Why Do Cats Meow? These Are the Top 6 Reasons
Cat noises are a form of communication. Here's what it means when your kitty meows.
You hear it when it’s time for dinner and during snuggle sessions: a familiar kitty meow. If your BFF is a furry feline, you’re probably familiar with the sound. And there’s a good chance you’ve been wondering: Why do cats meow?
We’re here to help you translate this secret cat language. Keep reading to find out what pet experts say are the top reasons why cats meow. Once you’re done, be sure to learn about other interesting cat behaviors, like why cats purr, hiss, and chirp.
What does it mean when a cat meows?
Your cat’s meowing is a sign to pay attention to it.
“A meow is not just a simple cat sound; it’s actually a method of communication,” says Mikel Delgado, a cat behavior expert with pet-care company Rover. Your cat may be trying to communicate the fact that it’s hungry, wants attention, or is bored. Or it might just be saying hello.
Cats are smart creatures, and they’ll quickly learn that when they meow, you meet their demands. Armed with that insight, they may meow to get you to give them what they want, whether that’s a treat, a snuggle, or something else.
In short, the question “Why do cats meow?” has an endless list of answers. The more you get to know your cat, the quicker you’ll understand what it wants from you. And that’s not just the case for meowing; it’s also true for kneading, tail-wagging, and other feline behaviors.
Do cats meow to talk to humans?
Though you might think that meowing is a secret language between cats, they generally don’t meow with one another, says Delgado. Cats began meowing to interact with humans specifically.
The exceptions? Mother cats may meow to help their kittens if they get lost, and kittens will meow at their mothers when they are hungry. But here’s a fascinating cat fact: once they mature into adults, they no longer communicate with one another through meows.
“When cats are communicating with each other, they make a sound similar to a meow but more drawn out, like a yowl,” says Delgado.
What do the different types of meows mean?
The answer to “why do cats meow?” is pretty nuanced. The reality is that there are all sorts of reasons why cats make the sounds they do. Here are the most common:
1. It’s greeting you
“Cats will meow or chirp to get the attention of someone, simply to say ‘hello’ or ‘I am here,'” says Zac Pilossoph, DVM, consulting veterinarian with Healthy Paws Pet Insurance. “This is commonly seen when someone enters the house or a room for the first time, and the cat will circle the person’s feet and meow.”
Have you seen anything cuter? We haven’t—well, aside from these adorable cat pictures.
2. It’s trying to get your attention
One of the most common reasons cats meow is for attention. “Many cats will meow to us when we come home—to greet us, to get our attention, to play, or to remind us that it is dinnertime and they are ready to eat,” says Brian Evans, DVM, medical director of online veterinary company Dutch.
They may walk around meowing or simply come up to you, rub against you, and meow away. As many cat parents know, these little guys have no problem meowing until they get what they want.
3. It’s feeling happy
Sometimes cats will vocalize after you give them what they want. Maybe you just fed your kitty some tasty treats or are enjoying a nice snuggle session with your drowsy, happy cat. Think of its meow as a sign that it really likes you and wants to show its appreciation and happiness, says Dr. Pilossoph.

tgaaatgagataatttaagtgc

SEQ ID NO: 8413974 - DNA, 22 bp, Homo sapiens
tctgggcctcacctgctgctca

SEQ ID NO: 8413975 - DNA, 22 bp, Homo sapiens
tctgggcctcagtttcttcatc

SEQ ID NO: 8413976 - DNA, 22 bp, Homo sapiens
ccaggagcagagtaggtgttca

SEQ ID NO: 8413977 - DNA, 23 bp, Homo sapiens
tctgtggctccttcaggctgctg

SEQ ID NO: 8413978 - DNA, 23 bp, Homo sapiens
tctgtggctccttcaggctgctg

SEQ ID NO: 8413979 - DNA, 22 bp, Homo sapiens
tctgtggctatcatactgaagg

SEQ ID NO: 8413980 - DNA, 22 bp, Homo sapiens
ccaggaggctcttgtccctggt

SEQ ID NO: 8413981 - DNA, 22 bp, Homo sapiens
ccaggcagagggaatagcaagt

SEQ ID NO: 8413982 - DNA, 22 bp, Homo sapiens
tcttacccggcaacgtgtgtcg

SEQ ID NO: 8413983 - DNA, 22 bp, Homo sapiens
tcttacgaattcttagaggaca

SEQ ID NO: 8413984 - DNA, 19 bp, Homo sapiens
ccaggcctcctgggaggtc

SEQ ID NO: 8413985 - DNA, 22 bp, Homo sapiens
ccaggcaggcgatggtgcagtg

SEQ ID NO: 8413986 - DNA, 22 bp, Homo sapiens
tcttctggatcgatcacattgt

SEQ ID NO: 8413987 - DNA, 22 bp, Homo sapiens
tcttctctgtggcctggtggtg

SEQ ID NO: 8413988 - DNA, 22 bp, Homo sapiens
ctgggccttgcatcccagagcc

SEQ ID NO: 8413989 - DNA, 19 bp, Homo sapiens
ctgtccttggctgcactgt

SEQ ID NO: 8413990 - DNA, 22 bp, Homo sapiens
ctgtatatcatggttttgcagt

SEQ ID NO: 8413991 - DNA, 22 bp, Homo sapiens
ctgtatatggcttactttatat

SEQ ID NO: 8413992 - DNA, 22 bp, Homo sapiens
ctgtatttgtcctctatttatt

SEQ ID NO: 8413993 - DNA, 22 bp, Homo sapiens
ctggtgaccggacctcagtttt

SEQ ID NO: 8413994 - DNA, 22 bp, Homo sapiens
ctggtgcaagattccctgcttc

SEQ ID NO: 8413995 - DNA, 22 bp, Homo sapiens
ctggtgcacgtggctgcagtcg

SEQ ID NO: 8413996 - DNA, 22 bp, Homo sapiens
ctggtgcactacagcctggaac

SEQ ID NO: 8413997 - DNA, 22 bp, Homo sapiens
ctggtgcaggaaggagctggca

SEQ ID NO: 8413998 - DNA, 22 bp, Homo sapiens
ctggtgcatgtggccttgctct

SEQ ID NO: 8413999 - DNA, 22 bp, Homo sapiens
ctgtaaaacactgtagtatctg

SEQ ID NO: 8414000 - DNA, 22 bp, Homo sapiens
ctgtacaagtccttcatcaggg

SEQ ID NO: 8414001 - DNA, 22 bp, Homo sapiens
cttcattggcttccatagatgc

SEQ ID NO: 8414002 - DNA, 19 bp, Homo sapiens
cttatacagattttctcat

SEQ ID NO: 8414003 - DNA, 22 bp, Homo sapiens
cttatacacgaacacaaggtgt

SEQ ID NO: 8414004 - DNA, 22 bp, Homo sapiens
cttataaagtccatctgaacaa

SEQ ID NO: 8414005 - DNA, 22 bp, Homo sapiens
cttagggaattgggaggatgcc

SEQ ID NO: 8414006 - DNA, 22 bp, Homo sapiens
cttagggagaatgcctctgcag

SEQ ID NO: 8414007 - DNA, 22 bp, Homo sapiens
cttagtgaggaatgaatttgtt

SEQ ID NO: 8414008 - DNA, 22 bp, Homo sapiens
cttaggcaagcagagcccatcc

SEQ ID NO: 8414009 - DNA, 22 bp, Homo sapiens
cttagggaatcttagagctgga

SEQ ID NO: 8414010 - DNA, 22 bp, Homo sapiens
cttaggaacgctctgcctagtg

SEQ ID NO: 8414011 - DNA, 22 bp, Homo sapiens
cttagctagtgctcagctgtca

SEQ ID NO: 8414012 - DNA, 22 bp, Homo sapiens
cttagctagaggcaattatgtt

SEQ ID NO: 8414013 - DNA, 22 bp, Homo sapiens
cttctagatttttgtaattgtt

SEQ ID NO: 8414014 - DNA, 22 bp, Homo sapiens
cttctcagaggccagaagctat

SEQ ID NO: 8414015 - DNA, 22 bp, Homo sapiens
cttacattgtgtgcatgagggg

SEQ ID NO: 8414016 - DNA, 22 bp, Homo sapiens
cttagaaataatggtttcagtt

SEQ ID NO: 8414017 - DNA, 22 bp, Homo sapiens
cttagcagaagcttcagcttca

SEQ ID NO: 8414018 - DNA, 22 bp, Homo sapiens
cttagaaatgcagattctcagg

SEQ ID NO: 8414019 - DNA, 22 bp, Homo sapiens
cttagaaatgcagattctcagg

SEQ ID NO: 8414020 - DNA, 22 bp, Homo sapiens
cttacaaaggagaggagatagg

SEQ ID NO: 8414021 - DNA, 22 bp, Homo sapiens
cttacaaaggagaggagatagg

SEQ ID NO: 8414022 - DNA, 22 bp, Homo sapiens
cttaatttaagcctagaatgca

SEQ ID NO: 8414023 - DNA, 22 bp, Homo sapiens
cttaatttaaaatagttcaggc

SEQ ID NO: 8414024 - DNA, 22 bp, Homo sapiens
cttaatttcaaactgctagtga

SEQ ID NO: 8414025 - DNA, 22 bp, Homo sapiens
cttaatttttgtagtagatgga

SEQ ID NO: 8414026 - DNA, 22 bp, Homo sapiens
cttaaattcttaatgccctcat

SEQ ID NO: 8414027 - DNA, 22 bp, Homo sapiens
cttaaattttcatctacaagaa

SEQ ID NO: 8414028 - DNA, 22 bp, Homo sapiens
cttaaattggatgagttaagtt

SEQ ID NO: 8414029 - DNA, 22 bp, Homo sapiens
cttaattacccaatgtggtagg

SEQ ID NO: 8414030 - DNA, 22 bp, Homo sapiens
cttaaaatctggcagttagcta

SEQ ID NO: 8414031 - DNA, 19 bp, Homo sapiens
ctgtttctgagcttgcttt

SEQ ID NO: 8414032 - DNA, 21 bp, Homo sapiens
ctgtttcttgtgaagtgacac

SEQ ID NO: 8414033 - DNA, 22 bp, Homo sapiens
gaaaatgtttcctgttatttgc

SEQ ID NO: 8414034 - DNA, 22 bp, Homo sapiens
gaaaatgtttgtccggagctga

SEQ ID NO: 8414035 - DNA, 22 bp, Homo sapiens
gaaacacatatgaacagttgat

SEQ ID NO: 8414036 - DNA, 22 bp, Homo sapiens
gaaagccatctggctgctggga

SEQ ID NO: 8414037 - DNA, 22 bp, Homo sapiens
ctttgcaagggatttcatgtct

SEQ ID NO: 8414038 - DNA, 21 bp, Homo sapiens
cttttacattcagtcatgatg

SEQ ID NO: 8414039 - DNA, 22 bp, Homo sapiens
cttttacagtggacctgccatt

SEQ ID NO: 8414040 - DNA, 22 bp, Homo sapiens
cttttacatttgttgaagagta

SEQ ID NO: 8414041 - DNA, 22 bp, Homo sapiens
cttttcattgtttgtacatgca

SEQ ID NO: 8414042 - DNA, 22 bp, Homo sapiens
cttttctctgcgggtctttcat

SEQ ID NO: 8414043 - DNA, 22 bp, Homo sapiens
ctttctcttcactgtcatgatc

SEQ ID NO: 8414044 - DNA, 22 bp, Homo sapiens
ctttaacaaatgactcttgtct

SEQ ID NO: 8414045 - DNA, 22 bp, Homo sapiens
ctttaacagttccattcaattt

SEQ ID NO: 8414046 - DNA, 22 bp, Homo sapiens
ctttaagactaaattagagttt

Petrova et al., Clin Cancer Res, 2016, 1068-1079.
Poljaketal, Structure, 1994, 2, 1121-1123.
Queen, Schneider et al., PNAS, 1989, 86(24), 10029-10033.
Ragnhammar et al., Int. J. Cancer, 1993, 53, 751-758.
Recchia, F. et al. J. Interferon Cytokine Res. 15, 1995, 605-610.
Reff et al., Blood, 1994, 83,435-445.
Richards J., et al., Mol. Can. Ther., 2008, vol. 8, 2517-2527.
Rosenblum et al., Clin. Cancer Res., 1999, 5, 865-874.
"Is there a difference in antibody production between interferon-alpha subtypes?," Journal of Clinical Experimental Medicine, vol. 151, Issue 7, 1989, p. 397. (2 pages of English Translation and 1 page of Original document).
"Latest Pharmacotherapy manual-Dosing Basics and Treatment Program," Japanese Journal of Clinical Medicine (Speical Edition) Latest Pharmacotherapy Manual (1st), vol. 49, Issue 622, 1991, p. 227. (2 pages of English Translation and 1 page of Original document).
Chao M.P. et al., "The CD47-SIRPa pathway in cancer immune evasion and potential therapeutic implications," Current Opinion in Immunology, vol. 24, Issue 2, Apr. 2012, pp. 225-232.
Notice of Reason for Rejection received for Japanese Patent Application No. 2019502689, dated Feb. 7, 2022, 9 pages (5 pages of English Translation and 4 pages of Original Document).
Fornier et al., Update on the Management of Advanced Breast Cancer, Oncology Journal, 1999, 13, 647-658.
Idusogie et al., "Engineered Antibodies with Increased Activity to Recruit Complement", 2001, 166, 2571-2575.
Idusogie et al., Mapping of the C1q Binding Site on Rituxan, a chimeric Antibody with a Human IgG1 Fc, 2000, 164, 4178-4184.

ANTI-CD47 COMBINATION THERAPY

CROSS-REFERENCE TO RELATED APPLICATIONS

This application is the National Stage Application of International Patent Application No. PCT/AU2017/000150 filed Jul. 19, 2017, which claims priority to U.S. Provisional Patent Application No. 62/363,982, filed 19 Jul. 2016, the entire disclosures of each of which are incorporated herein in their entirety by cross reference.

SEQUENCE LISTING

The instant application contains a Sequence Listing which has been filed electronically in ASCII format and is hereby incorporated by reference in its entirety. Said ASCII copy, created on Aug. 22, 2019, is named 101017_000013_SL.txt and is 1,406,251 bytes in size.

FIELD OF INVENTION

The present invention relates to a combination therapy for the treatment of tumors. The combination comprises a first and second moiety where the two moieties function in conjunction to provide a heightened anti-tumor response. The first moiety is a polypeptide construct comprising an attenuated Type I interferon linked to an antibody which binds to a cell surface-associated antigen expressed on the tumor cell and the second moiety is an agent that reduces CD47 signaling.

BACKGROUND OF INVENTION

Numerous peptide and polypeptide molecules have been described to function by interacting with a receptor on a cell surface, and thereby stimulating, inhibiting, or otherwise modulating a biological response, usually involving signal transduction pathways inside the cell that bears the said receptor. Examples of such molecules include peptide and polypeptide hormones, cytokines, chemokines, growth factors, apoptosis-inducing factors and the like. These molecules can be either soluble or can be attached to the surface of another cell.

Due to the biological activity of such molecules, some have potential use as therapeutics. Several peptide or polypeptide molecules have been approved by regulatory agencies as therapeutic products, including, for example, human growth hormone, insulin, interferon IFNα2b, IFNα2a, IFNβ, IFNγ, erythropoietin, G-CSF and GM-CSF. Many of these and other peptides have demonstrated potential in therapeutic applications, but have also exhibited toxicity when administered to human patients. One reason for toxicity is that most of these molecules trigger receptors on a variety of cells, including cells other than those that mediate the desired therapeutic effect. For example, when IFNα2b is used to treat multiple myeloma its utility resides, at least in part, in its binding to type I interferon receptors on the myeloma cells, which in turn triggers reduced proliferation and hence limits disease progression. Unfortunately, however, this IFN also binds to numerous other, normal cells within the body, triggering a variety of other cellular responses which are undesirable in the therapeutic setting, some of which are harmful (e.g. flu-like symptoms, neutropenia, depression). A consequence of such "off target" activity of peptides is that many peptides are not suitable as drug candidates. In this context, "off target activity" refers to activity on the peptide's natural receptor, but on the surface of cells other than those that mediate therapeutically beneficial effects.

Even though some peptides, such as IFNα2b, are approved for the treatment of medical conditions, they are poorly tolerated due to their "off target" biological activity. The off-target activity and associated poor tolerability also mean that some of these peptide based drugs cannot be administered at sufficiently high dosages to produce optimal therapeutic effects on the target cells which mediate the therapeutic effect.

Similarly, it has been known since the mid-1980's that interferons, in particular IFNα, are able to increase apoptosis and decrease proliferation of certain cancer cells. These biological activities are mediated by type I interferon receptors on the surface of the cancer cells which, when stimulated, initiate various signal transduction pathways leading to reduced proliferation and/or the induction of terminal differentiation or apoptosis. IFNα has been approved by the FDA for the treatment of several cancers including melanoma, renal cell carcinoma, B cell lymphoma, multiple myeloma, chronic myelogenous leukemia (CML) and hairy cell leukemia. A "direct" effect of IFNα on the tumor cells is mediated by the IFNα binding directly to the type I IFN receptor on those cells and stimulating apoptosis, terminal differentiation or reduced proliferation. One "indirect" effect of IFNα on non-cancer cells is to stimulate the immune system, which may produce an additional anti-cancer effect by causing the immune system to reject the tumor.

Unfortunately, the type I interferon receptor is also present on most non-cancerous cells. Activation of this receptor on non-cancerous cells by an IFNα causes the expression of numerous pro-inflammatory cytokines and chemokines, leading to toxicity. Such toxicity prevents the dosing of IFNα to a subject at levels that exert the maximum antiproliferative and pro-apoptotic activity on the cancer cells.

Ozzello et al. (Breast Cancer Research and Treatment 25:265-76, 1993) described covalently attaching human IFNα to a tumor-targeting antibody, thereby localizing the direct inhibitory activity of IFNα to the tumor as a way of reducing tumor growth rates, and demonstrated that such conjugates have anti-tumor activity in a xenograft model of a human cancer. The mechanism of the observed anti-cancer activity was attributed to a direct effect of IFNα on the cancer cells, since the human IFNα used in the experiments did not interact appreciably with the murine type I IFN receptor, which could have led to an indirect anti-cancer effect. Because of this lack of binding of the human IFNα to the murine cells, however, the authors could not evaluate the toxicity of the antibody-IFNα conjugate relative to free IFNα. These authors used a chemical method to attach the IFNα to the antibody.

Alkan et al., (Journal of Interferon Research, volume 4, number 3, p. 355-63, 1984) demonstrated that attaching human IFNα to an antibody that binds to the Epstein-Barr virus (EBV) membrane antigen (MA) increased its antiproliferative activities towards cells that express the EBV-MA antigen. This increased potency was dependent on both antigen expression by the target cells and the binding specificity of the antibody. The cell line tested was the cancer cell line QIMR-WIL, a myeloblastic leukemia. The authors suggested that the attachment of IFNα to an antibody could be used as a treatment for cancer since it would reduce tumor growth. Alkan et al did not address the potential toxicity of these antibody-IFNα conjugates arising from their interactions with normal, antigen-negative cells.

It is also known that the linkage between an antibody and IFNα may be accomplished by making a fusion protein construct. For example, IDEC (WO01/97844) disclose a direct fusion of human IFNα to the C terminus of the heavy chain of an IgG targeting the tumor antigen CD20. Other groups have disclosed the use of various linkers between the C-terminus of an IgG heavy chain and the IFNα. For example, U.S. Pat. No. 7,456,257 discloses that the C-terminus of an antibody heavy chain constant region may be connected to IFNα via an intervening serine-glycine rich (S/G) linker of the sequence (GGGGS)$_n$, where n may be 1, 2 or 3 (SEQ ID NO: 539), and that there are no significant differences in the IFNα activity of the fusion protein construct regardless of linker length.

4. It’s in distress
Sweet meows usually signal good things, but excessive, distressed-sounding meows typically mean something’s not quite right. So pay attention to the cat sound your pet is making. If your fluffy friend is making a crying cat sound or screaming cat noise like caterwauling (a cross between a yowl, howl, and whine), it may be in distress.
“Cats that are in pain, worried, or scared can use different vocalizations to alert others about their concerns in hopes that they will attract assistance,” Dr. Pilossoph explains. “Oftentimes, the pitch or style of the vocalization will be different sounding than most others, which is a clue that something different is happening.”
You might hear these types of cat noises from an animal that’s injured, lost, stuck somewhere, stressed about recent changes in the home, or feeling intimidated by something scary, like an unknown animal or another cat. If you think the meowing may be a sign of injury, it’s time to take your cat to the vet.
5. It’s not feeling well
Some cats will meow when they are not feeling well. Dr. Evans says that a sick cat sounds a bit different than a happy or attention-seeking one. “Cats tend to hide their illnesses, so if you notice their meow is different or unusual, it is a good idea to have your vet evaluate them and make sure there isn’t something underlying that change.”
6. It’s aging
Like people, cats can develop cognitive decline as they age. “Feline cognitive dysfunction syndrome can cause cats to become disoriented, confused, irritable, and they may vocalize more,” says Dr. Evans. “If you have noticed changes in your older cat, speak with your veterinarian about how to best support them.”
Delgado says that another great way to interpret what your cat is trying to tell you is through its body language. Some cats are more vocal than others, and if yours is on the quiet side, it may ask for your attention in other ways. The more you observe your cat’s behavior, the more you’ll start to understand its specific cat noises and cat language.
You can now confidently answer the question, “Why do cats meow?” But can you spot the signs your cat is secretly mad at you? Find out how.
- Mikel Delgado, cat behavior expert with Rover
- Zac Pilossoph, DVM, consulting veterinarian with Healthy Paws Pet Insurance
- Brian Evans, DVM, medical director of Dutch